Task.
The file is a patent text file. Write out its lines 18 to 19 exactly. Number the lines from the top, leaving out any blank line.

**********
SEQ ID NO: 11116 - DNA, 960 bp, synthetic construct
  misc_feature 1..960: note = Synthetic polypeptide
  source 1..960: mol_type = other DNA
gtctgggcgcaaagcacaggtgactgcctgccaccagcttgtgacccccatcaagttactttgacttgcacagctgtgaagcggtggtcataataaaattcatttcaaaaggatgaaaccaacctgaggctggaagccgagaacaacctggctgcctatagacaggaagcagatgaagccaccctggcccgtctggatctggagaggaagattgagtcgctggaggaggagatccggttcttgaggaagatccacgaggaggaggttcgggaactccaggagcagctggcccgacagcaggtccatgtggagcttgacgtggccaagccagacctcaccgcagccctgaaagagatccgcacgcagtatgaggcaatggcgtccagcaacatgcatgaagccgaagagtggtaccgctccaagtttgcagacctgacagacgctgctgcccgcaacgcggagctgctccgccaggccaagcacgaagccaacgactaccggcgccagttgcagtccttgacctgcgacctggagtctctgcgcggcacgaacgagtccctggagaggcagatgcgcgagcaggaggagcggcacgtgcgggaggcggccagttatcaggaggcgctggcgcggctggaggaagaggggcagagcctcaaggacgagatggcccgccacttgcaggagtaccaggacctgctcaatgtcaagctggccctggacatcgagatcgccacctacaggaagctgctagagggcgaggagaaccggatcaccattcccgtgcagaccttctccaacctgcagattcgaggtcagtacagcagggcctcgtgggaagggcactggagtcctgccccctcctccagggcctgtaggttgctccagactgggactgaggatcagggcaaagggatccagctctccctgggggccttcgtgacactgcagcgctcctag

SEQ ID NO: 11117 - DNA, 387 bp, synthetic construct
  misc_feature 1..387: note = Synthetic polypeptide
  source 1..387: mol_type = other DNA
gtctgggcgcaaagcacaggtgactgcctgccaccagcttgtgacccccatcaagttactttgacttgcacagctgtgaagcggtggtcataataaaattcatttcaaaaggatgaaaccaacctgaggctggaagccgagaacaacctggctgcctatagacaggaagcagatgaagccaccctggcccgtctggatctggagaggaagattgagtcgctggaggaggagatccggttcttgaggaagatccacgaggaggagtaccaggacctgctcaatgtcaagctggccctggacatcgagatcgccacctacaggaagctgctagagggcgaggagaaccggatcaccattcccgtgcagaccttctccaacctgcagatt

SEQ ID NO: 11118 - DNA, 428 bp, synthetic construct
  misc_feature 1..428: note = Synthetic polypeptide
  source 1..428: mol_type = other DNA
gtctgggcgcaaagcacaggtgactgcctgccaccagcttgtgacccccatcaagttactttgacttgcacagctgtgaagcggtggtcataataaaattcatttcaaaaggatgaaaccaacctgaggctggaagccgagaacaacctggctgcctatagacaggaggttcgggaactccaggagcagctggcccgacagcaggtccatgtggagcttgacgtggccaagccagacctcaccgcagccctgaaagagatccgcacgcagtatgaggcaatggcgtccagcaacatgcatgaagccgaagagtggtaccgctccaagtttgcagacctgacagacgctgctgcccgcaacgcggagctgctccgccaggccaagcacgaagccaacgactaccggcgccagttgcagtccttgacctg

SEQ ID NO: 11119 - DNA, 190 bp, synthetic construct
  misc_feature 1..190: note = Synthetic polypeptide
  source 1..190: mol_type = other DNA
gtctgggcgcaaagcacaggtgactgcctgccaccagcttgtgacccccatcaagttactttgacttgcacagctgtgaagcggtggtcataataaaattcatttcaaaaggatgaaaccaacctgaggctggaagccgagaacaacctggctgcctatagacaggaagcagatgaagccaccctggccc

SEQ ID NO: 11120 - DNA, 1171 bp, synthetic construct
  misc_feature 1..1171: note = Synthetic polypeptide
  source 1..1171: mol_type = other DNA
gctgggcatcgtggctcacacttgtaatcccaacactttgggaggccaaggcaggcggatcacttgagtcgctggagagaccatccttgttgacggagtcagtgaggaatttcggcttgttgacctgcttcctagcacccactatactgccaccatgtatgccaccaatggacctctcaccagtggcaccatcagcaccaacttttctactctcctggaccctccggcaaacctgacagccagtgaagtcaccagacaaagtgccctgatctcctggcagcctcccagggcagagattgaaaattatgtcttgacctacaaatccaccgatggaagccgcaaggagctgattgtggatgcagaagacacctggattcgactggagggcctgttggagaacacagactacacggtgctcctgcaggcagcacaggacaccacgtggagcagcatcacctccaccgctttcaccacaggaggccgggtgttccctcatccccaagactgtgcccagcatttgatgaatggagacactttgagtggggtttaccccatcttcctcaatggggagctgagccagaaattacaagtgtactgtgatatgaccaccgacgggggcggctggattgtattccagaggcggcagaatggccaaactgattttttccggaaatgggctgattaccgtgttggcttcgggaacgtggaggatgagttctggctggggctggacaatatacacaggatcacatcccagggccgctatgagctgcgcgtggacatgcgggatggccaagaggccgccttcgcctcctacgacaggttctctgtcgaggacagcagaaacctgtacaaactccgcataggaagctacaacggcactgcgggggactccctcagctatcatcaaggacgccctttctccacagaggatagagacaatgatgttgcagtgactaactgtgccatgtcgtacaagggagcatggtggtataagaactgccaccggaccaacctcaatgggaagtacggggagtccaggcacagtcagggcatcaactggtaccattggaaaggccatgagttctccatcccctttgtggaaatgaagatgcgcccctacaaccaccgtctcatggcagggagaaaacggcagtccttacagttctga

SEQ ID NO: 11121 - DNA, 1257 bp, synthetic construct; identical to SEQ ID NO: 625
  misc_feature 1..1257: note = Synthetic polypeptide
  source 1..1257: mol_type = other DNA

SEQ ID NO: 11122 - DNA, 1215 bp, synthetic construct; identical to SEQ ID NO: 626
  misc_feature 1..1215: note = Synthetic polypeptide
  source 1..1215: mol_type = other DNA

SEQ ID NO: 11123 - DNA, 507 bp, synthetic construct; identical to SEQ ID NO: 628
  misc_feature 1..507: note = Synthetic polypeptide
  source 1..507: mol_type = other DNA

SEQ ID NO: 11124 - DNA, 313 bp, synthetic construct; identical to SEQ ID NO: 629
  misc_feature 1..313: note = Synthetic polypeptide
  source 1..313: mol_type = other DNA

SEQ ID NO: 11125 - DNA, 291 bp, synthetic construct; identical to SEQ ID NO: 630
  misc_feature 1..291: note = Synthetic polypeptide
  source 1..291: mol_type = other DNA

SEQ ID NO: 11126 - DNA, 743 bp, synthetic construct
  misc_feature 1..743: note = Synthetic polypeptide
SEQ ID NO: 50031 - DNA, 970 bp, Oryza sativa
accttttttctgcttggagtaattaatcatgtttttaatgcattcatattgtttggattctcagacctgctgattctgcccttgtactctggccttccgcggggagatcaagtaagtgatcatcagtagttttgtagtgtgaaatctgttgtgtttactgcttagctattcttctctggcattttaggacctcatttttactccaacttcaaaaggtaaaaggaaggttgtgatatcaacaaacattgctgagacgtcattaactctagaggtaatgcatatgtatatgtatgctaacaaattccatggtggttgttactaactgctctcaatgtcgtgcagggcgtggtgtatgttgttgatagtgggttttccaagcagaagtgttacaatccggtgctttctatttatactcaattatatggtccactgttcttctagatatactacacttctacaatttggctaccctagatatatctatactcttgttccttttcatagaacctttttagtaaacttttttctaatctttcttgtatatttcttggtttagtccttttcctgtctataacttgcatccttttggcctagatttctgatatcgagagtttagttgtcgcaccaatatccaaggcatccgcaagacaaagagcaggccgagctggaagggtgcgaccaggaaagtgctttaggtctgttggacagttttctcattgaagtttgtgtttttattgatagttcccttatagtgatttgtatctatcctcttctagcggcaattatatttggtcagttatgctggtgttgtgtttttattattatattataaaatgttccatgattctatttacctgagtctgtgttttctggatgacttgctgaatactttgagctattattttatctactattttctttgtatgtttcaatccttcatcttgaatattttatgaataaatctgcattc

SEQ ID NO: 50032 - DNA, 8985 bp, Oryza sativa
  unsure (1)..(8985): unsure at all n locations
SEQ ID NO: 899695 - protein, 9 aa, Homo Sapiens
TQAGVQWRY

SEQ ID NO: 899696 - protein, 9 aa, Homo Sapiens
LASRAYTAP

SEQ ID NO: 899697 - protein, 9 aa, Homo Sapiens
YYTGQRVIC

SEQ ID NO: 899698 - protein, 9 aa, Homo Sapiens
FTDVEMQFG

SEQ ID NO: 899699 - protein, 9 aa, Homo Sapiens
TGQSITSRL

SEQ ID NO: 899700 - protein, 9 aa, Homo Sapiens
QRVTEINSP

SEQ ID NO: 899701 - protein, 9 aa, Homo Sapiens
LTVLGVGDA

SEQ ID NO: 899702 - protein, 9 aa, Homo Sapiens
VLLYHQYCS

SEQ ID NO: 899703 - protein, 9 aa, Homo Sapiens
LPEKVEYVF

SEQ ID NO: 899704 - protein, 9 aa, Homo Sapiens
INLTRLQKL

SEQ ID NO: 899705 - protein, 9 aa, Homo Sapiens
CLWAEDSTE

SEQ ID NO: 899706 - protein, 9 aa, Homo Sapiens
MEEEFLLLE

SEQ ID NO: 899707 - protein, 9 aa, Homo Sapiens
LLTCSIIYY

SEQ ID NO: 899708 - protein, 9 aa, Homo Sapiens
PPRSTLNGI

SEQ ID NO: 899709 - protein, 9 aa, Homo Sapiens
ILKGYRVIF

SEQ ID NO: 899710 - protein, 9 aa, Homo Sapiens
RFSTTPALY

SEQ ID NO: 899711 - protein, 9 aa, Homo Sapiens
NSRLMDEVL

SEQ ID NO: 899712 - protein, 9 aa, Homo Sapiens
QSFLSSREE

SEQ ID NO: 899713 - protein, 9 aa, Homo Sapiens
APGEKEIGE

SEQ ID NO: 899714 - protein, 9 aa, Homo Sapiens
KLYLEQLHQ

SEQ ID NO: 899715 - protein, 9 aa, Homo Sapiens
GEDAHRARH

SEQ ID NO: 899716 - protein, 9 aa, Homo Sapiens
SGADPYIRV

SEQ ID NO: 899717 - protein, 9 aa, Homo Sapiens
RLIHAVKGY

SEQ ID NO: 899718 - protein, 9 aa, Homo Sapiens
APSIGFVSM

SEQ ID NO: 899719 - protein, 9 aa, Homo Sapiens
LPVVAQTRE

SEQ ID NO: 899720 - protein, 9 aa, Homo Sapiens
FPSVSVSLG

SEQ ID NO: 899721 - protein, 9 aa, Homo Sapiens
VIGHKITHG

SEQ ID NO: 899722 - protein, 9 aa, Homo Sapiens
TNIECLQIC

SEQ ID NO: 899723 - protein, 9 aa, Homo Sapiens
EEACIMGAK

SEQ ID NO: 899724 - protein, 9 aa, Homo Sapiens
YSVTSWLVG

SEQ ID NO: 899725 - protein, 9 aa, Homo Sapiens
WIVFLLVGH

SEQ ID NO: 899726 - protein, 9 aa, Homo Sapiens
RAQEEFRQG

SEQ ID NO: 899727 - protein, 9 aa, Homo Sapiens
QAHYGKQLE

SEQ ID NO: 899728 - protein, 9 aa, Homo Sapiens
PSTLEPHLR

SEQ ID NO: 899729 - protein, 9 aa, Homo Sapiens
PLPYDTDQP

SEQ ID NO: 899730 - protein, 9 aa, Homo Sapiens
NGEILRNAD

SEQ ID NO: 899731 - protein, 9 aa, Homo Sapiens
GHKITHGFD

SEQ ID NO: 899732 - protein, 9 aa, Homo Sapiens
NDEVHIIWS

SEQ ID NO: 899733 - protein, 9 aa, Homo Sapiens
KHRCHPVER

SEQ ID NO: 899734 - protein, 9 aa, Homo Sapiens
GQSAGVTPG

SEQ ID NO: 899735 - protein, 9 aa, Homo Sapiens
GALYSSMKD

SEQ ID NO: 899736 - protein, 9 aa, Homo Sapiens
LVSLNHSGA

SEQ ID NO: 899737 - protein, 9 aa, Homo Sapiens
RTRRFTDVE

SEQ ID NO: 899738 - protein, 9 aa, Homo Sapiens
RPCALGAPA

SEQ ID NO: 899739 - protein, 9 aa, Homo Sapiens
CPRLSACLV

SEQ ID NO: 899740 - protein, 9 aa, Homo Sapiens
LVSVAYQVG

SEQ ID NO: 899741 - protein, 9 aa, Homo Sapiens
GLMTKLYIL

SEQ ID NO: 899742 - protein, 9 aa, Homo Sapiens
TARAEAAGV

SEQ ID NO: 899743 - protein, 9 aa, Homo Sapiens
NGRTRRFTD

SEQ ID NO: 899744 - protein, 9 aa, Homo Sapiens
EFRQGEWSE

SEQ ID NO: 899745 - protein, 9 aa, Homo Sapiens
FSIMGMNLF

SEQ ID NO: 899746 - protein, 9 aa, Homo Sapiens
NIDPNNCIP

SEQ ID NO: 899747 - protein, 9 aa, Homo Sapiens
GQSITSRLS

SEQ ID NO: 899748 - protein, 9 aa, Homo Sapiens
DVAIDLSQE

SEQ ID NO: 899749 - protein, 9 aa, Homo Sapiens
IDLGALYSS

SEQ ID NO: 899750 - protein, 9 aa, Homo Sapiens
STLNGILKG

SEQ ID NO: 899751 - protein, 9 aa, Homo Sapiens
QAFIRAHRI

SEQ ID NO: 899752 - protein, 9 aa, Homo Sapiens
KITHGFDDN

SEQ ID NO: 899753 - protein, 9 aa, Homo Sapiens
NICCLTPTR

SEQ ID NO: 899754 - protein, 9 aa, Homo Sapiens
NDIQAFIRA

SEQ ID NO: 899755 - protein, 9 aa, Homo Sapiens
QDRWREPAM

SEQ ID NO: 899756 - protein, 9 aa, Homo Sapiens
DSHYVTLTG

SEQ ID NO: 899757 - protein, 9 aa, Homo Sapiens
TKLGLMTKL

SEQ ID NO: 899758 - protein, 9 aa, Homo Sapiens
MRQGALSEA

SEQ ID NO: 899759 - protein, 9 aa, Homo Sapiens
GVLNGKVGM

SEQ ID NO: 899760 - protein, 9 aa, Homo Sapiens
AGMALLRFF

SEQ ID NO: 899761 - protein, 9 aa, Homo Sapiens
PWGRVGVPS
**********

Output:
  misc_feature 1..1171: note = Synthetic polypeptide
  source 1..1171: mol_type = other DNA